Non-Conforming Loan

is a loan that exceeds Fannie Mae and Freddie Mac’s loan limits. Freddie Mac and Fannie Mae loans are referred to as conforming loans.

Origination Fee

The charge for originating a loan; is usually calculated in the form of points and paid at closing. One point equals one percent of the loan amount.

PITI

Principal, Interest, Taxes, and Insurance: the four elements of a monthly mortgage payment; payments of principal and interest go directly towards repaying the loan while the portion that covers taxes and insurance (homeowner’s and mortgage, if applicable) goes into an escrow account to cover the fees when they are due.

PITI Reserves

A cash amount that a borrower must have on hand after making a down payment and paying all closing costs for the purchase of a home. The principal, interest, taxes, and insurance (PITI) reserves must equal the amount that the borrower would have to pay for PITI for a predefined number of months.

Planned Unit Development (PUD)

A development that is planned, and constructed as one entity. Generally, there are common features in the homes or lots governed by covenants attached to the deed. Most planned developments have common land and facilities owned and managed by the owner’s or neighborhood association. Homeowners usually are required to participate in the association via a payment of annual dues.

Points

A point is equal to one percent of the principal amount of your mortgage. For example, if you get a mortgage for $100,000, one point means you pay $1000 to the lender. Lenders frequently charge points in both fixed-rate and adjustable-rate mortgages in order to increase the yield on the mortgage and to cover loan-closing costs. These points usually are collected at closing and may be paid by the borrower or the home seller, or may be split between them.

Pre-Approval

A lender commits to lend to a potential borrower a fixed loan amount based on a completed loan application, credit reports, debt, savings and has been reviewed by an underwriter. The commitment remains as long as the borrower still meets the qualification requirements at the time of purchase. This does not guaranty a loan until the property has passed inspections and underwriting guidelines.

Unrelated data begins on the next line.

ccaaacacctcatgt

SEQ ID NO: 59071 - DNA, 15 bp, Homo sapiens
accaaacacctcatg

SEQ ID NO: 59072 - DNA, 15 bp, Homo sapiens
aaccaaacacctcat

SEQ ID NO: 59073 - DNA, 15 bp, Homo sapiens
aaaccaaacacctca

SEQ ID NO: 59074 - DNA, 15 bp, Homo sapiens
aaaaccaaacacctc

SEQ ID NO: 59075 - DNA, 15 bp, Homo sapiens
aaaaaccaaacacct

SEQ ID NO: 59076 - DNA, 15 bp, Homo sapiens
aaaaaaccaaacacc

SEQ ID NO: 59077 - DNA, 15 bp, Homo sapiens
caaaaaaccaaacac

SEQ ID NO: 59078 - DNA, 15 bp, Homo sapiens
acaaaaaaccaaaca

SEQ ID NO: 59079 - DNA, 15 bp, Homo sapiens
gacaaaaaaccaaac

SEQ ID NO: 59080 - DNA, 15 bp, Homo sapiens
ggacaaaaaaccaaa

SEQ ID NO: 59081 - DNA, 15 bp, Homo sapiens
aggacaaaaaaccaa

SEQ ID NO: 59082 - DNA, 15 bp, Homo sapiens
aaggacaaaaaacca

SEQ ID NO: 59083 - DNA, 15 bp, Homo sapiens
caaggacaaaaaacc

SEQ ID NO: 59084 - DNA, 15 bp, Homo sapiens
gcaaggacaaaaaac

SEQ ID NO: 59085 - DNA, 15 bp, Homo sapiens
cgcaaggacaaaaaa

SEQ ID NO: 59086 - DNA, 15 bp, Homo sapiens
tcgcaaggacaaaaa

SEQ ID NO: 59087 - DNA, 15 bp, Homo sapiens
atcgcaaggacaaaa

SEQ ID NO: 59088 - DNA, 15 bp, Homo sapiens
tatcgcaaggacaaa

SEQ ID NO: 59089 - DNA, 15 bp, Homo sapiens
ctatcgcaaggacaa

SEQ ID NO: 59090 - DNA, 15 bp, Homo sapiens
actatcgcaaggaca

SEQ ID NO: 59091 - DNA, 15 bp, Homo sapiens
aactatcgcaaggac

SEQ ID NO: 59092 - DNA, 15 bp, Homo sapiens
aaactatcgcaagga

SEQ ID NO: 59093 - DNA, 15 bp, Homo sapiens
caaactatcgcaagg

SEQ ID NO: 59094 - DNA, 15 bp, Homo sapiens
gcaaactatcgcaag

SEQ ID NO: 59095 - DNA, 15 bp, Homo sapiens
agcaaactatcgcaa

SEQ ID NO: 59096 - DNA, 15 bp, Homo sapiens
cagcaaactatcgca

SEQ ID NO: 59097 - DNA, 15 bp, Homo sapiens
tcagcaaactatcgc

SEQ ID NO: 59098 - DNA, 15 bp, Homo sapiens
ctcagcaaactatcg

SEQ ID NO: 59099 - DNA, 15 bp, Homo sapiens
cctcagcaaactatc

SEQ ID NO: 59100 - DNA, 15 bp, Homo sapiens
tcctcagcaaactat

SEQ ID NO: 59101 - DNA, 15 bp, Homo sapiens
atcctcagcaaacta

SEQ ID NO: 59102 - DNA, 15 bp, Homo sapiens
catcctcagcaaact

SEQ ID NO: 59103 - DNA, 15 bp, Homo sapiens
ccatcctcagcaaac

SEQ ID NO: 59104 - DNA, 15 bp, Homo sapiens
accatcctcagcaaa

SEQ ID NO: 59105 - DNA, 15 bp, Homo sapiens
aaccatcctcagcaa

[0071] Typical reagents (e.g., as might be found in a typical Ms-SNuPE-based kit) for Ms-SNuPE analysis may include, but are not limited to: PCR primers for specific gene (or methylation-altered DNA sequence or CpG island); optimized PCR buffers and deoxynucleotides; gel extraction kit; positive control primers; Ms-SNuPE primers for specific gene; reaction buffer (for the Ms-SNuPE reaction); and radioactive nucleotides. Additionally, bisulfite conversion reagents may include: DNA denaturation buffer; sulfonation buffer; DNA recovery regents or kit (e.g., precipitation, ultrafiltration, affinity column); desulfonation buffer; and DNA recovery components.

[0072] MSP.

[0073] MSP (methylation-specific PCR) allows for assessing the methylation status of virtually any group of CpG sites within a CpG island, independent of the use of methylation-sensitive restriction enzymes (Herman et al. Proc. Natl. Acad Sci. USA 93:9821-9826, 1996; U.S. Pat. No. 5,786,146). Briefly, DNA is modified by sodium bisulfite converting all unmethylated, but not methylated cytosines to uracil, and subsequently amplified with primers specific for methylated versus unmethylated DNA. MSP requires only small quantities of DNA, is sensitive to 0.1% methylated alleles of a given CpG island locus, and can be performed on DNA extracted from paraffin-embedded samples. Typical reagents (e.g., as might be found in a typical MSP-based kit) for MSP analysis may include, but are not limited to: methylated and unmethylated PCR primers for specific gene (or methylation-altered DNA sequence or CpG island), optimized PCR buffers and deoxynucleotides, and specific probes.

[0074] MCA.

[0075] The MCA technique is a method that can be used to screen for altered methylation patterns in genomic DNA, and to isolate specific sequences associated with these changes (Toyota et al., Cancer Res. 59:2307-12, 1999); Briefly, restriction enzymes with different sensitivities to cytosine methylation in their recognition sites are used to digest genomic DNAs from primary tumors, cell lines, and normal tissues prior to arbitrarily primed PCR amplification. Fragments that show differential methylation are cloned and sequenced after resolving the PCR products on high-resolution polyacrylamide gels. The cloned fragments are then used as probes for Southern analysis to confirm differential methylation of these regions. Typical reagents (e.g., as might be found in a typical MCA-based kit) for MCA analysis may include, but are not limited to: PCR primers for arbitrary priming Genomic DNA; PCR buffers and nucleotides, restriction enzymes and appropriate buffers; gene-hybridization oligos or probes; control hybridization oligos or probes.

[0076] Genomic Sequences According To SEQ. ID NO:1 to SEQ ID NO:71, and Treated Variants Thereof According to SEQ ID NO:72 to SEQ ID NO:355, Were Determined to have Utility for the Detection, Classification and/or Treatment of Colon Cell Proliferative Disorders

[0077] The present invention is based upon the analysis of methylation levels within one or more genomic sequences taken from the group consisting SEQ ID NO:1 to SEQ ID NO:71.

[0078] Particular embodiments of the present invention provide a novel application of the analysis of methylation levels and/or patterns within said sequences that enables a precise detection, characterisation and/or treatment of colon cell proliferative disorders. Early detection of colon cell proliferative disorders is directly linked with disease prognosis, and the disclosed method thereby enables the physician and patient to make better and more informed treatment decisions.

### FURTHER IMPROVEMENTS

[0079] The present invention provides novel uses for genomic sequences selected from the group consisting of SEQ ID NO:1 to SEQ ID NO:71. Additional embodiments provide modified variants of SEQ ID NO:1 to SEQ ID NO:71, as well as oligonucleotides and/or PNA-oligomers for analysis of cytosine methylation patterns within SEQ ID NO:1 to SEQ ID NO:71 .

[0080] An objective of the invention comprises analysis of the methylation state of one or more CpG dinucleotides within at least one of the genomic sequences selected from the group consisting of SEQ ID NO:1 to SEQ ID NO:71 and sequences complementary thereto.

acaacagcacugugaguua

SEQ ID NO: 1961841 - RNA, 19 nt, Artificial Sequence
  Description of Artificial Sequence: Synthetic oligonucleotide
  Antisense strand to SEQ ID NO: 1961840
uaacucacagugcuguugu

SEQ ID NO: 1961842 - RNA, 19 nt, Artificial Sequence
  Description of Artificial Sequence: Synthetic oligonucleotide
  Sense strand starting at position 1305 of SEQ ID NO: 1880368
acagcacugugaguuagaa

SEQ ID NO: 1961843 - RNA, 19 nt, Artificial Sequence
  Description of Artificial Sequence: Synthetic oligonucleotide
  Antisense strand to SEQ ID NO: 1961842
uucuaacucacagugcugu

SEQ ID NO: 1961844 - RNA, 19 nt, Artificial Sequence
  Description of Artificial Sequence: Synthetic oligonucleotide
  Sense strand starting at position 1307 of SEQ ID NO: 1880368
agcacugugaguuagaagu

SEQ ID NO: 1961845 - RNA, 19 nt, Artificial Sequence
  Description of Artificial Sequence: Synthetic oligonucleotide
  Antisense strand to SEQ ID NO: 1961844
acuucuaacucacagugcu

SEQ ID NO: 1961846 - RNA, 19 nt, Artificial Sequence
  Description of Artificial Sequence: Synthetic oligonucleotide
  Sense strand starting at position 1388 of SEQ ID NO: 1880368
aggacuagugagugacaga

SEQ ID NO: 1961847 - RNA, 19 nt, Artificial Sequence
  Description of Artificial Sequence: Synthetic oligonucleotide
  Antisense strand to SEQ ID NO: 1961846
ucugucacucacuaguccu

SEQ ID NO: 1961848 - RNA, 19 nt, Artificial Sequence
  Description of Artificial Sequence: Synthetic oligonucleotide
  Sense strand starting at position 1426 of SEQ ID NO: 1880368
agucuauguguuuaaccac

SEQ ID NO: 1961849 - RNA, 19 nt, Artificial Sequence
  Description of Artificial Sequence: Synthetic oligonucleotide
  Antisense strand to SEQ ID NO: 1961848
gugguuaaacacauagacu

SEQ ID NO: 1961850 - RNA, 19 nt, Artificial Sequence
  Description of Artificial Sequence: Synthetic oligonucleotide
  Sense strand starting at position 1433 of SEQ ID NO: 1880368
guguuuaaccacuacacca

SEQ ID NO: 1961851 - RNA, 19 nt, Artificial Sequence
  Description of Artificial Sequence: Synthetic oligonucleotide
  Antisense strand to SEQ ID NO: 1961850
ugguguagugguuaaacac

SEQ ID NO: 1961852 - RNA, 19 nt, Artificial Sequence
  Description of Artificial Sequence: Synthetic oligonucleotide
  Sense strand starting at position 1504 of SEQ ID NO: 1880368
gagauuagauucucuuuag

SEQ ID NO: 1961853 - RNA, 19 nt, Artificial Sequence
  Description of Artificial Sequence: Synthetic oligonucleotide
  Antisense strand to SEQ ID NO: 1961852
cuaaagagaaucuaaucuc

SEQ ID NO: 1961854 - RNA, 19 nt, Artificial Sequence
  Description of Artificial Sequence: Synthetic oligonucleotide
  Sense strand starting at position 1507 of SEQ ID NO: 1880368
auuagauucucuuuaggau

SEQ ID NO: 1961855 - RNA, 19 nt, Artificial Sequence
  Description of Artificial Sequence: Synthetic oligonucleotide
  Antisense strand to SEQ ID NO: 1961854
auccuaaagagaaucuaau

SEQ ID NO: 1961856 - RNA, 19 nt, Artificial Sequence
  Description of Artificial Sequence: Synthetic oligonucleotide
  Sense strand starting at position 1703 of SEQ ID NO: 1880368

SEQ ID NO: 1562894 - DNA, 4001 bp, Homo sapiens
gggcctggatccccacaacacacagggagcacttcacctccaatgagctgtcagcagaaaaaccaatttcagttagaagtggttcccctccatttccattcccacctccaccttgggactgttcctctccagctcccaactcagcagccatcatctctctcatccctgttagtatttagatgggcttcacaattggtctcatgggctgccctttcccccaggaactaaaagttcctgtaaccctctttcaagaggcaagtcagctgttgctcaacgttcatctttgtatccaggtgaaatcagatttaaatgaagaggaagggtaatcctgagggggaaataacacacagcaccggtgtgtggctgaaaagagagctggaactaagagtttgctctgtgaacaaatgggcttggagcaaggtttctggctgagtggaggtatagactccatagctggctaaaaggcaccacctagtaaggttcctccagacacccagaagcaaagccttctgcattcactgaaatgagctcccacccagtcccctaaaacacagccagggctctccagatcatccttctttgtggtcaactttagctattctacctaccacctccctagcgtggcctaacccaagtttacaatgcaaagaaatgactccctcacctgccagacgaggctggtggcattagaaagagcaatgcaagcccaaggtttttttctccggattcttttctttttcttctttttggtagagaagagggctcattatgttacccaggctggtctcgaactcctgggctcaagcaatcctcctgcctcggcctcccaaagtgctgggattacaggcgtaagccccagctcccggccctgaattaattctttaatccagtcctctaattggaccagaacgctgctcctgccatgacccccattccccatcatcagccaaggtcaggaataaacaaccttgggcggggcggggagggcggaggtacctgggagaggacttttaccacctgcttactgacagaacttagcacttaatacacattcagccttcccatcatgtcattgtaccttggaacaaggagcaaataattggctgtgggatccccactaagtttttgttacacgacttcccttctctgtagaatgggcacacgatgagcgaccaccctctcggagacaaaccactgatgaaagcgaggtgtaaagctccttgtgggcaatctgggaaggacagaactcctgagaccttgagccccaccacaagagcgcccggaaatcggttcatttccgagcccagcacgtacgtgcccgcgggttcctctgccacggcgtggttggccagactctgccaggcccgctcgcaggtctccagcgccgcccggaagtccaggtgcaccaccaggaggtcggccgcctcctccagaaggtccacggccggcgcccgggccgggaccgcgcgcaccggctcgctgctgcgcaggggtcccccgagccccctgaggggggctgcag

Pre-Qualify

A lender informally determines the maximum amount an individual is eligible to borrow. This is not a guaranty of a loan.

Private Mortgage Insurance (PMI)

Insurance purchased by a buyer to protect the lender in the event of default. The cost of mortgage insurance is usually added to the monthly payment. Mortgage insurance is generally maintained until over 20 percent of the outstanding amount of the loan is paid or for a set period, seven years is normal. Mortgage insurance may be available through a government agency, such as the Federal Housing Administration (FHA) or the Veterans Administration (VA), or through private mortgage insurance companies (PMI).

Quitclaim Deed

A deed transferring ownership of a property but does not make any guarantee of clear title.

Real Estate Settlement Procedures Act (RESPA)

A law protecting consumers from abuses during the residential real estate purchase and loan process by requiring lenders to disclose all settlement costs, practices, and relationships.

Survey

A property diagram that indicates legal boundaries, easements, encroachments, rights of way, improvement locations, etc. Surveys are conducted by licensed surveyors and are normally required by the lender in order to confirm that the property boundaries and features such as buildings, and easements are correctly described in the legal description of the property.

Title Insurance

Insurance that protects the lender against any claims that arise from arguments about ownership of the property; also available for homebuyers. An insurance policy guaranteeing the accuracy of a title search protecting against errors. Most lenders require the buyer to purchase title insurance protecting the lender against loss in the event of a title defect. This charge is included in the closing costs. A policy that protects the buyer from title defects is known as an owner’s policy and requires an additional charge.

Title Search

A check of public records to be sure that the seller is the recognized owner of the real estate and that there are no unsettled liens or other claims against the property.